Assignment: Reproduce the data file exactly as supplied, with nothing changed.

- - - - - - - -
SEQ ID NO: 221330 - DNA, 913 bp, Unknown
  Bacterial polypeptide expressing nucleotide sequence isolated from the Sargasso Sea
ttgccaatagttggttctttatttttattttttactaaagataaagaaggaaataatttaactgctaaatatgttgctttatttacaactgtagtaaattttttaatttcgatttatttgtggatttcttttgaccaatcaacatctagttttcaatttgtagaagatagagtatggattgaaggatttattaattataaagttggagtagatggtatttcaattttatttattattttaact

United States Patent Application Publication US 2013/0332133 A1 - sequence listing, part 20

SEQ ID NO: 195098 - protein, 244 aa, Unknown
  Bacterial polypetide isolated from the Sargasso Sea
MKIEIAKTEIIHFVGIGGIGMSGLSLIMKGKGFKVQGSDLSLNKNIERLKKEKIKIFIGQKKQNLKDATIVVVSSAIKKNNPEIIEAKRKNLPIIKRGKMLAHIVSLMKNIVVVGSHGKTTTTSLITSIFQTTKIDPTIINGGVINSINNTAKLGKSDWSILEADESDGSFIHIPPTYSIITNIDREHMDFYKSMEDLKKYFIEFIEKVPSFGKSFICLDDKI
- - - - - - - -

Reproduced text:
SEQ ID NO: 221330 - DNA, 913 bp, Unknown
  Bacterial polypeptide expressing nucleotide sequence isolated from the Sargasso Sea
ttgccaatagttggttctttatttttattttttactaaagataaagaaggaaataatttaactgctaaatatgttgctttatttacaactgtagtaaattttttaatttcgatttatttgtggatttcttttgaccaatcaacatctagttttcaatttgtagaagatagagtatggattgaaggatttattaattataaagttggagtagatggtatttcaattttatttattattttaact

United States Patent Application Publication US 2013/0332133 A1 - sequence listing, part 20

SEQ ID NO: 195098 - protein, 244 aa, Unknown
  Bacterial polypetide isolated from the Sargasso Sea
MKIEIAKTEIIHFVGIGGIGMSGLSLIMKGKGFKVQGSDLSLNKNIERLKKEKIKIFIGQKKQNLKDATIVVVSSAIKKNNPEIIEAKRKNLPIIKRGKMLAHIVSLMKNIVVVGSHGKTTTTSLITSIFQTTKIDPTIINGGVINSINNTAKLGKSDWSILEADESDGSFIHIPPTYSIITNIDREHMDFYKSMEDLKKYFIEFIEKVPSFGKSFICLDDKI